Conventional external or skin-mounted radiation dosimeter systems use semiconductor circuitry and lead wires that power/operate the dosimeters. These types of dosimeters are available from Scandatronics and/or IBA (“Ion Beam Applications”) having an international headquarters location in Belgium. While these radiation dosimeter systems may provide radiation dose estimations, they can, unfortunately, be relatively expensive. Further, these types of dosimeters are used for a plurality of patients potentially raising sterility or cleanliness problems between patients. Conventional dosimeter systems may also require substantial technician time before and during the radiation session. For example, conventional dosimeter systems need to be calibrated before the radiation session may begin. In addition, the lead wires can be cumbersome to connect to the patients and may require excessive set-up time as the technician has to connect the lead wires to run from the patient to the monitoring system and then store the lead wire bundle between patient treatment sessions. Therefore, technicians do not always take the time to use this type of system, and no confirmation estimate of the actual radiation delivered is obtained.
Other radiation sensors include thermo-luminescent detectors (TLD's). However, while TLD detectors do not require wires during operation, they are analyzed using a spectrophotometer (that may be located in an offsite laboratory) and are not conducive to real-time readings.
Devices, methods and systems of radiation detection are also discussed in U.S. Pat. Nos. 4,678,916, 5,117,113, 5,444,254, 6,172,368, 6,614,025 and 6,650,930 that are assigned to Thomson & Nielsen.
In view of the foregoing there remains a need for improved economical and easy to use radiation dosimeters.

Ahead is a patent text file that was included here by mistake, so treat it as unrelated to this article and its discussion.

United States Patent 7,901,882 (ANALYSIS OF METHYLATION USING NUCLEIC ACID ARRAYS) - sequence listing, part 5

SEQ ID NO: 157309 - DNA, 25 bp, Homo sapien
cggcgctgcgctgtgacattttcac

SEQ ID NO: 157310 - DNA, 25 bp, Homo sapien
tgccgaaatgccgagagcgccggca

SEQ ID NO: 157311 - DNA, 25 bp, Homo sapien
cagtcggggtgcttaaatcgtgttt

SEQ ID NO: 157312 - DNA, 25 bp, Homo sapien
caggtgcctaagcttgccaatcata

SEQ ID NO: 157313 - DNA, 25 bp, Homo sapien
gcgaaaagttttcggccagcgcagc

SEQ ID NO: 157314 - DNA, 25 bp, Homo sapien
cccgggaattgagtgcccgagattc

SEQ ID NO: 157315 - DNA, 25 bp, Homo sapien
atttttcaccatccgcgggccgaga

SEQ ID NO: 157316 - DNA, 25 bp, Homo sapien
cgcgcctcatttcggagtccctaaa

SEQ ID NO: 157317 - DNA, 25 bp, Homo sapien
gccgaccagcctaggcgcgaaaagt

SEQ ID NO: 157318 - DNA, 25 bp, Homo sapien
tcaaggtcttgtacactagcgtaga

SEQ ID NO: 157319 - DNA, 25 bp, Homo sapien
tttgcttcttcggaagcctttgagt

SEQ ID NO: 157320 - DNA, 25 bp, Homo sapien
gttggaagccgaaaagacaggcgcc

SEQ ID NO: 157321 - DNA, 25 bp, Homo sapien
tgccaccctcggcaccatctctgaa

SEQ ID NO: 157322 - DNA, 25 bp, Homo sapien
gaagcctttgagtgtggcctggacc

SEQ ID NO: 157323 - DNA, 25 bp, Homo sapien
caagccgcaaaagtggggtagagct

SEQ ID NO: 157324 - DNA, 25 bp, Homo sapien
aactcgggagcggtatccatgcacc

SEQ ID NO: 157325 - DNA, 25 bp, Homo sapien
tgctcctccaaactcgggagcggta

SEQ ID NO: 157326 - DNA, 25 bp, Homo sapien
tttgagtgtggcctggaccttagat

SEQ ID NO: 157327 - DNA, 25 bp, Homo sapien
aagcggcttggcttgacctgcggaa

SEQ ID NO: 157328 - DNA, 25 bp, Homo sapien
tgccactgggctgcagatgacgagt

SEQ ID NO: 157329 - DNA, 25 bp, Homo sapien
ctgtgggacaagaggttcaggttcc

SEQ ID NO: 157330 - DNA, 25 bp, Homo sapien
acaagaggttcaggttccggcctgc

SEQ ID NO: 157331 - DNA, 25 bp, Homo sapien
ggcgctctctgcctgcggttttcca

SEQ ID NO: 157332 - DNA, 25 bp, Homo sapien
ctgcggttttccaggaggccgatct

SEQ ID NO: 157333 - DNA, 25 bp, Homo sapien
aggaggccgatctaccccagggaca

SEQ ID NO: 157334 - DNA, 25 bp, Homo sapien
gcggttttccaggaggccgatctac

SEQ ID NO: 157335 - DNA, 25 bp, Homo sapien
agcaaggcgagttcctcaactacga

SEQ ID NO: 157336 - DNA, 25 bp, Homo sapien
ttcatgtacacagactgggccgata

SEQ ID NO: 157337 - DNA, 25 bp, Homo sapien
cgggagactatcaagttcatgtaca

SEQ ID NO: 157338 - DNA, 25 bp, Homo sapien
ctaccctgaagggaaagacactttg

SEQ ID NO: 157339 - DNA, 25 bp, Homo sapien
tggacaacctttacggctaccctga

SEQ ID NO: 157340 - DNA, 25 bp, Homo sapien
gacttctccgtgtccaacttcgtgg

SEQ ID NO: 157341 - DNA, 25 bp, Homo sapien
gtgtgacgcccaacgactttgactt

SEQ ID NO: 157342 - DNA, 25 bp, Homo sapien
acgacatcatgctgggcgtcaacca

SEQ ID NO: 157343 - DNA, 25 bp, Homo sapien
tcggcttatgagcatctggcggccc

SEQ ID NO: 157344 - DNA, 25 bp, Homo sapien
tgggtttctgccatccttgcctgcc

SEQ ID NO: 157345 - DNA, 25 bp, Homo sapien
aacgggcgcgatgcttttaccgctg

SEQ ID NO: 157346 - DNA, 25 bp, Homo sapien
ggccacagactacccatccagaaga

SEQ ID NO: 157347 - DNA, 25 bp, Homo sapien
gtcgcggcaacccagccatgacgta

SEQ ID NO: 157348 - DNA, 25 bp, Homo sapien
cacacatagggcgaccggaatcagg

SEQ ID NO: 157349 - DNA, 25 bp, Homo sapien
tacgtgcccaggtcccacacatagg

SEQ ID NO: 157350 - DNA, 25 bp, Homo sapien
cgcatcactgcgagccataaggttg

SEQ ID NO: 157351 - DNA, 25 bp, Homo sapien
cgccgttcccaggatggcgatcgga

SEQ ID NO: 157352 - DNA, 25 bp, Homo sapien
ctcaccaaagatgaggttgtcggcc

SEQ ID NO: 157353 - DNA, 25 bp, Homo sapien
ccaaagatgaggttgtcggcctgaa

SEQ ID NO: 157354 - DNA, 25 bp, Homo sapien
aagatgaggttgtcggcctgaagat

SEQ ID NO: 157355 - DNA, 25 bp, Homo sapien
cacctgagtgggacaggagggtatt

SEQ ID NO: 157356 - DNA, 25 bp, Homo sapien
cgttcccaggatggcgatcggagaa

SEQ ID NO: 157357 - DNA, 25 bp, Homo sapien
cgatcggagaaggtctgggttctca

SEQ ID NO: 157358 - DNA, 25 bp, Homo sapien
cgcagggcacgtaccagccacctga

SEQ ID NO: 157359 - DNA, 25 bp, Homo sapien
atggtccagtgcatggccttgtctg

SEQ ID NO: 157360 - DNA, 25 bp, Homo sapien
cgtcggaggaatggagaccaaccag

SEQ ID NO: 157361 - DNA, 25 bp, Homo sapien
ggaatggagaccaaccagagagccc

It is therefore an object of the present invention to provide a cost-effective surface mount radiation dosimeter that can be used to evaluate the radiation dose delivered to a patient undergoing radiation therapy.
It is a further object of the present invention to provide economic methods and devices that can reduce labor set-up time in the radiation treatment chamber over conventional evaluation methods and devices.
It is an additional object of the present invention to provide a memory storage device on the patch to record the dose history of the patch. This memory storage device may be queried at any time in order to obtain a record of the dose applied to the patch. Other information, such as patient identification, time, date, hospital, therapist, state of the device, dosed/undosed and calibration data may be stored in the memory storage device.
It is an additional object of the present invention to provide an economic method of determining the amount of radiation delivered to an oncology patient in situ.
These and other objects can be satisfied by the present invention by a disposable, single-use skin mounted radiation dosimeter that has a self-contained package that is small, adhesively attachable to the skin of the patient, and operates in a relatively easy to operate and read manner without requiring the use of lead wires.
Certain embodiments of the present invention are directed to methods for monitoring radiation doses administered to patients undergoing radiation treatments. The methods include the steps of: (a) releasably securing at least one single-use dosimeter sensor patch onto the skin of the patient such that the patch is self-contained and devoid of leads extending therefrom; (b) administering radiation to the patient in a first treatment session; (c) contacting the sensor patch with a dose-reader device after the administering step to obtain data associated with a change in an operational parameter in the dosimeter sensor patch; and (d) determining the radiation dose received by the patient during the administering step based on the change in the operational parameter.